has just been learned after the elections that there
were only 150 to 180 of them in all of France),

- the Chinese textile industry (on Monday, May 30,
2005, during a televised report on the European
Constitution referendum on France 2 TV, a CGT rep had
the cynicism and audacity to denounce "Chinese
competition" without once mentioning the fate of 19
million Chinese workers superexploited in their

- or the entry of Turkey into the EU (reviving
xenophobic, racist and anti-Muslim prejudices).

Faced with this resurgence of nationalist prejudice,
the so-called Far Left and the reformist Left chose to
turn a deaf ear toward the phenomenon and minimize it
because it wanted to surf on the "NO of the Left"
wave. Furthermore, it is particularly disgusting to
see the Far Left claim the "NO of the Left" had an
"internationalist" dimension while it had been
incapable, since the strong probability of a
referendum was announced, of organizing the smallest
campaign, even a set of meetings, of revolutionary
forces of different EU countries to critique the
Constitutional Treaty and explain the real issues for
all European proletarians, not only the French ones.
And, considered overall, this "no" vote (there was no
means of distinguishing between Right "no" votes and
Left "no" votes) was far from internationalist since
42 % of "no" voters think that "there are too many
foreigners in France" compared to 21 % of "yes"
voters. And the National Front (a coalition of far
right militants, ultraconservative catholics and
neofascists) voters were better mobilized to get out
the "no" vote (90 %) than those of the Far Left.

Today there is no way to differenciate the Left from
the No voters: if the Far Left had wanted to, it could
have printed its own ballots and massively distribute
them during an internationalist campaign. But that
would probably have disturbed all electoral

Where did the 6 million votes for Le Pen and de
Villiers go?

Far from being a working-class "victory" or "the
masses' revenge for Maastricht" (Alternative
libertaire, Libertarian Alternative), the "no" pseudo
"victory" is the progeny of an unnatural alliance
between 6 million Le Pen and de Villiers voters (whose
xenophobic and racist positions need no further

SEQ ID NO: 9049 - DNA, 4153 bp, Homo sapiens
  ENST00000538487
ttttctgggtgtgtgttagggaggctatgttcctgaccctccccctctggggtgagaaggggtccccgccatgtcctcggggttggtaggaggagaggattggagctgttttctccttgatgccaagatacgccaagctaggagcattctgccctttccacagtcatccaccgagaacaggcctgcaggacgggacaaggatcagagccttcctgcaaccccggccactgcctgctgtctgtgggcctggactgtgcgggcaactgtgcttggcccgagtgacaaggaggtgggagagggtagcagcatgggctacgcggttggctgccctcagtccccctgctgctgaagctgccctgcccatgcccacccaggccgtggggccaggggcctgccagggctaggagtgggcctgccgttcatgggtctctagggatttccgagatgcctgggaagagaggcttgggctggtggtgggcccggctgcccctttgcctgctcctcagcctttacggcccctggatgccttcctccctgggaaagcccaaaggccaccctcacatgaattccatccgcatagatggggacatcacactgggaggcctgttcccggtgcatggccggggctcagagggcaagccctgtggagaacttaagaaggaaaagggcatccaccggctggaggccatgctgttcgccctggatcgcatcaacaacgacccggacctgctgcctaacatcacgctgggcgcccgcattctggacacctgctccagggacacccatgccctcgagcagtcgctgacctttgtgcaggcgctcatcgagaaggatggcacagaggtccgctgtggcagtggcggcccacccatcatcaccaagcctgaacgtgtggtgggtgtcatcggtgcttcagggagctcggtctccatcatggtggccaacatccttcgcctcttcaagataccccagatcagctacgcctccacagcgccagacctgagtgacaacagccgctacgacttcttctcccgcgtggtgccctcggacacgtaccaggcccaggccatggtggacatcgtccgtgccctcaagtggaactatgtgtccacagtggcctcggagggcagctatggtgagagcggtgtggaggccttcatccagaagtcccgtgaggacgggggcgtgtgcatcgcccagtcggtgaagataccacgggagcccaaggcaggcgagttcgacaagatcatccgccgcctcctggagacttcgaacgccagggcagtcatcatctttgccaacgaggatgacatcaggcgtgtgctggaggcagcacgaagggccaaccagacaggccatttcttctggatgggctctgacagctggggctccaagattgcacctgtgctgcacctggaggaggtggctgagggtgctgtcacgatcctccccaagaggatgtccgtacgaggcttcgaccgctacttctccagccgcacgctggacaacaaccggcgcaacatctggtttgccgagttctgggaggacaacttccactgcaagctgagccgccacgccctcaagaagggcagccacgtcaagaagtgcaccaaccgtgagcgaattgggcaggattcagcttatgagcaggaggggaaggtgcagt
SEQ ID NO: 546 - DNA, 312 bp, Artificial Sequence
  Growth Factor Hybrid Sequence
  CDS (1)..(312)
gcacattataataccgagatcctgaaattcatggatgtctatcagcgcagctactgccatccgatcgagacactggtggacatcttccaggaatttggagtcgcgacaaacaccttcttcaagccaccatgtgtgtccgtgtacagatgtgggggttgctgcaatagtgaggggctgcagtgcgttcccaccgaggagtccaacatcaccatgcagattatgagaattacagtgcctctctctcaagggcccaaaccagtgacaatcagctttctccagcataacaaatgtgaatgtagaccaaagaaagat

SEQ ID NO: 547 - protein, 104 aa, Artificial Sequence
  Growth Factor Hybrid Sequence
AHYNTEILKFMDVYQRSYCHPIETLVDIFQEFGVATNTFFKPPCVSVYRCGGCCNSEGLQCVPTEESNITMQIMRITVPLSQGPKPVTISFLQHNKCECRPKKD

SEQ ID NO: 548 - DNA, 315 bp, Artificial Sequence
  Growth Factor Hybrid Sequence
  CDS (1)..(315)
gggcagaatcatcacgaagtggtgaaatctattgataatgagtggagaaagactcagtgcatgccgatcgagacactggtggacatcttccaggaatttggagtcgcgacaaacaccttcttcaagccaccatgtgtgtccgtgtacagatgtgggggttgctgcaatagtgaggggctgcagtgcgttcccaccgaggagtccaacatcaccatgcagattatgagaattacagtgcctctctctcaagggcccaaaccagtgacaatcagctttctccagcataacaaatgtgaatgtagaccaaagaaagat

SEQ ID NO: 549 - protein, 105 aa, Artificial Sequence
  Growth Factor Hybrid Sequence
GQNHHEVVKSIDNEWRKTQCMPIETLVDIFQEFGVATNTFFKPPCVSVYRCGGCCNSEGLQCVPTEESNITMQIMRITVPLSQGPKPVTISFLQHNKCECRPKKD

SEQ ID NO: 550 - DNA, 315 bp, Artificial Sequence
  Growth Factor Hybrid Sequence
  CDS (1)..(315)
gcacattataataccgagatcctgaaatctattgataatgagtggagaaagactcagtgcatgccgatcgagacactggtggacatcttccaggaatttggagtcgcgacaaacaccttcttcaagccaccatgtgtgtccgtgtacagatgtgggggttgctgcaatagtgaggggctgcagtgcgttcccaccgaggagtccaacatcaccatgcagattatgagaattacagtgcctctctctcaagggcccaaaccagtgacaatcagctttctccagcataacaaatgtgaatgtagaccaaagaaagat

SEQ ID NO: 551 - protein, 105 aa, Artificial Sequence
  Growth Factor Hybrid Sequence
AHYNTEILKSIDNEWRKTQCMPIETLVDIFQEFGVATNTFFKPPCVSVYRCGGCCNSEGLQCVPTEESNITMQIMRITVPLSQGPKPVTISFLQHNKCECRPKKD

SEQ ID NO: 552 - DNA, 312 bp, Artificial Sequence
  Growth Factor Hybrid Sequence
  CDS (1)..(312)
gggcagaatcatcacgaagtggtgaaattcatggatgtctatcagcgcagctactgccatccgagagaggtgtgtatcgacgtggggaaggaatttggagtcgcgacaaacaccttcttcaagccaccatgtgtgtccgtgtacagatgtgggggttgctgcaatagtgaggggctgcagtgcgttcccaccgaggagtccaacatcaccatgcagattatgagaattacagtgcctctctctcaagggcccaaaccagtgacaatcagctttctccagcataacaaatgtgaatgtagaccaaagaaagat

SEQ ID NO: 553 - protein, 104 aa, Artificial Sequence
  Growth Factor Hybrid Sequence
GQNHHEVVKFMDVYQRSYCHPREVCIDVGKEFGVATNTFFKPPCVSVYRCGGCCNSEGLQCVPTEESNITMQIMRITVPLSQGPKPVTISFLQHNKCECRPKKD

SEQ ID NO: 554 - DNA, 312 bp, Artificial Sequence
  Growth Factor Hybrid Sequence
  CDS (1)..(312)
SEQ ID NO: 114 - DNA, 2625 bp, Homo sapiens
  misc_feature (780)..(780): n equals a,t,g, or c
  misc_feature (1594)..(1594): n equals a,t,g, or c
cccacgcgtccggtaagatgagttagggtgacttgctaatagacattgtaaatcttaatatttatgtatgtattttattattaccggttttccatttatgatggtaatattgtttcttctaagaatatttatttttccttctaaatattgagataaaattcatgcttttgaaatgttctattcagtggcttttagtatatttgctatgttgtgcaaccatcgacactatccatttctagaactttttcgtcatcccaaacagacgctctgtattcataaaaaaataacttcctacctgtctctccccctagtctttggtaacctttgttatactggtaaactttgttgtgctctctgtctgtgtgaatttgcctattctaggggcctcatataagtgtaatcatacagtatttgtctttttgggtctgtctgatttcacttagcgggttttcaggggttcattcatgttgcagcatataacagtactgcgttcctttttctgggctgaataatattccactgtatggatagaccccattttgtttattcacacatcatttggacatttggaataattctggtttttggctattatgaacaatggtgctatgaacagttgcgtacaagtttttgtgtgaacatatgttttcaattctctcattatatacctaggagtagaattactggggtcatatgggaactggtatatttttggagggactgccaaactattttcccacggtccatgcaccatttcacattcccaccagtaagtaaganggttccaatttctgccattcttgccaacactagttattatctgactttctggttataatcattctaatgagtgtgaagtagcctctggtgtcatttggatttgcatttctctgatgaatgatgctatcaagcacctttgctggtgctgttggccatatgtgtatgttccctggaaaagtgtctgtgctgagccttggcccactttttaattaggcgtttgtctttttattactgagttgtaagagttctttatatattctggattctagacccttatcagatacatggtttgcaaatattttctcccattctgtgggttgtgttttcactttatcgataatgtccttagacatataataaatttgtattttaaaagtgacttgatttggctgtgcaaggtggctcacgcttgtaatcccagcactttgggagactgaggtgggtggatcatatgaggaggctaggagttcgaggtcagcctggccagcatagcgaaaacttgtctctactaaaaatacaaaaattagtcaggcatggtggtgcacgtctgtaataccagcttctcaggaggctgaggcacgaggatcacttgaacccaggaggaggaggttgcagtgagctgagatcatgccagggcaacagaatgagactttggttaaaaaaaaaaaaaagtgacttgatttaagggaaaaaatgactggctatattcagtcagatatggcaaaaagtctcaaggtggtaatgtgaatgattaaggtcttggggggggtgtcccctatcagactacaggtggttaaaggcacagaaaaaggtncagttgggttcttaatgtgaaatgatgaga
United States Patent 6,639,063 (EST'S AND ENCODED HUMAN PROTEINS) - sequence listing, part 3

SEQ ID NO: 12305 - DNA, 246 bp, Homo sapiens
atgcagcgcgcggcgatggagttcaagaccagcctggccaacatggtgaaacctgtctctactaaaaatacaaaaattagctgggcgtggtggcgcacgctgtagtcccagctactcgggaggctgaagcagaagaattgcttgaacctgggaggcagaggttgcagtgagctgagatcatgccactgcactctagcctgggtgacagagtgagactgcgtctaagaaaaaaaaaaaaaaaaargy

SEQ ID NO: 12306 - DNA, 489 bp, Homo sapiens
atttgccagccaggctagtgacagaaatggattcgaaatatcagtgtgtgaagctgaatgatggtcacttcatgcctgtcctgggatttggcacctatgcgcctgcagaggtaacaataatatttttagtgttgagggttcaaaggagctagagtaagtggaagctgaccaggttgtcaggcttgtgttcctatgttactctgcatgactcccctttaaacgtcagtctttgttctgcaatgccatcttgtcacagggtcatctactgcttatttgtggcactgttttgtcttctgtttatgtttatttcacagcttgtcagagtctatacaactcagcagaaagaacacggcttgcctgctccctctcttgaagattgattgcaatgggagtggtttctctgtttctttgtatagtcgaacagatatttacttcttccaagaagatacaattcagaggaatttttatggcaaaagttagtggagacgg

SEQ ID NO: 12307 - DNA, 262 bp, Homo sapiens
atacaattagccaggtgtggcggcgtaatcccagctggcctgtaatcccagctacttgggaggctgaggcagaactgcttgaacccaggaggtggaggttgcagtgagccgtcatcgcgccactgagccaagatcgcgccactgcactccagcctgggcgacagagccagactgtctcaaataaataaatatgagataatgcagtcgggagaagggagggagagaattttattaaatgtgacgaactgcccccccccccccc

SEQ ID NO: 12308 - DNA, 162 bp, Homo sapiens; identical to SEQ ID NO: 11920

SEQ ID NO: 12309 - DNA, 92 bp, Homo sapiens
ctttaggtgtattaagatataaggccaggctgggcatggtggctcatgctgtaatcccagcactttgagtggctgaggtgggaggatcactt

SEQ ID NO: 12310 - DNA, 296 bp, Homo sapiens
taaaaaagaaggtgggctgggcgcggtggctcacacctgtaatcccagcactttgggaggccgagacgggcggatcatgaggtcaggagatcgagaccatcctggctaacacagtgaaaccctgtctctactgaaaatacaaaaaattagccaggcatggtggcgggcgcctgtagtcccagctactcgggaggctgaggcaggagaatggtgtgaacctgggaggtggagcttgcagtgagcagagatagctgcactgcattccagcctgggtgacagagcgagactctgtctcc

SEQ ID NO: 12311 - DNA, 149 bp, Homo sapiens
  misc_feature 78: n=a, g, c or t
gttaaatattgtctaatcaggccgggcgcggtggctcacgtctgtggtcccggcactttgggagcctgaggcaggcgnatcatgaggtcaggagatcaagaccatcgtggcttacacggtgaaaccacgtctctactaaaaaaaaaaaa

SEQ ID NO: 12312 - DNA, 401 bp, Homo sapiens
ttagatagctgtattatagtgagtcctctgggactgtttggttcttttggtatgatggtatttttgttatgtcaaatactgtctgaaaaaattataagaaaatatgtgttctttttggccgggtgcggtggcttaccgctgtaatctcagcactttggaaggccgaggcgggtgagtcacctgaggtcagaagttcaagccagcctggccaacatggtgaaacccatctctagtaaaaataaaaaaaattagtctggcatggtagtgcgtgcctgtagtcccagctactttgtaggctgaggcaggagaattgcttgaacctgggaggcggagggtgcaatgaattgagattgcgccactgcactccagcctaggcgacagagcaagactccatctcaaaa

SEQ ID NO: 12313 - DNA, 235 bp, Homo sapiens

explanation here) with 9 million CP and SP voters (and
this estimate is optimististic because it assumes that
the traditional Right did not make the slightest
contribution to the "no" camp, which is completely
inaccurate considering there is a sovereignist Right).
Such a "victory" has nothing to do with defending the
interests of the exploited.

What chutzpah (and some scorn, too, for the
intelligence of workers) it takes to affirm that the
"no" "marginalized the Far Right"! These are the same
people who explained that it was necessary to vote for
Chirac in 2002 because 5 million Le Pen voters
represented a fascist danger? Do they want us to
believe that these 5 million dangerous voters have
today disappeared in a puff of smoke--or withdrawn
into their caves, may be ?

A "big symbolic victory"? A "huge hope"?

The anarcho-electoralists of Libertarian Alternative
also naively reveal their lack of political vision
when they write, without laughing, that the "no
victory" is a "small social victory" and a "big
symbolic victory."

Here is what revolutionaries have been reduced to
today--rejoicing at electoral victories, "symbolic"
ones at that, or the "huge hope" (LCR) raised by the
results of a referendum-plebiscite which turned
against Chirac. Incidentally, in their daily
propaganda, our revolutionaries hardly talk about
destroying the bourgeois State, forming workers'
councils, eliminating the wage system, money and
hierarchy, radically reorganizing production and
social life. They would rather call for a "break with
capitalism" (LCR) just like Mitterrand before 1981 or
threatening to "make the capitalist tremble"
(Libertarian Alternative). During the Transeuropéennes
TV show on Thursday, May 31, Alain Krivine, LCR
leader, calmly explained that "what the people want is
a France of solidarity with full employment and fair
redistribution of wealth." Well, it's maybe what "the
people" want, but if that's all the revolutionaries
have to suggest to the workers when they have the
incredible opportunity to explain their proposals on
TV, frankly they would be wiser if they kept quiet
rather than serve as mouthpieces for the most moderate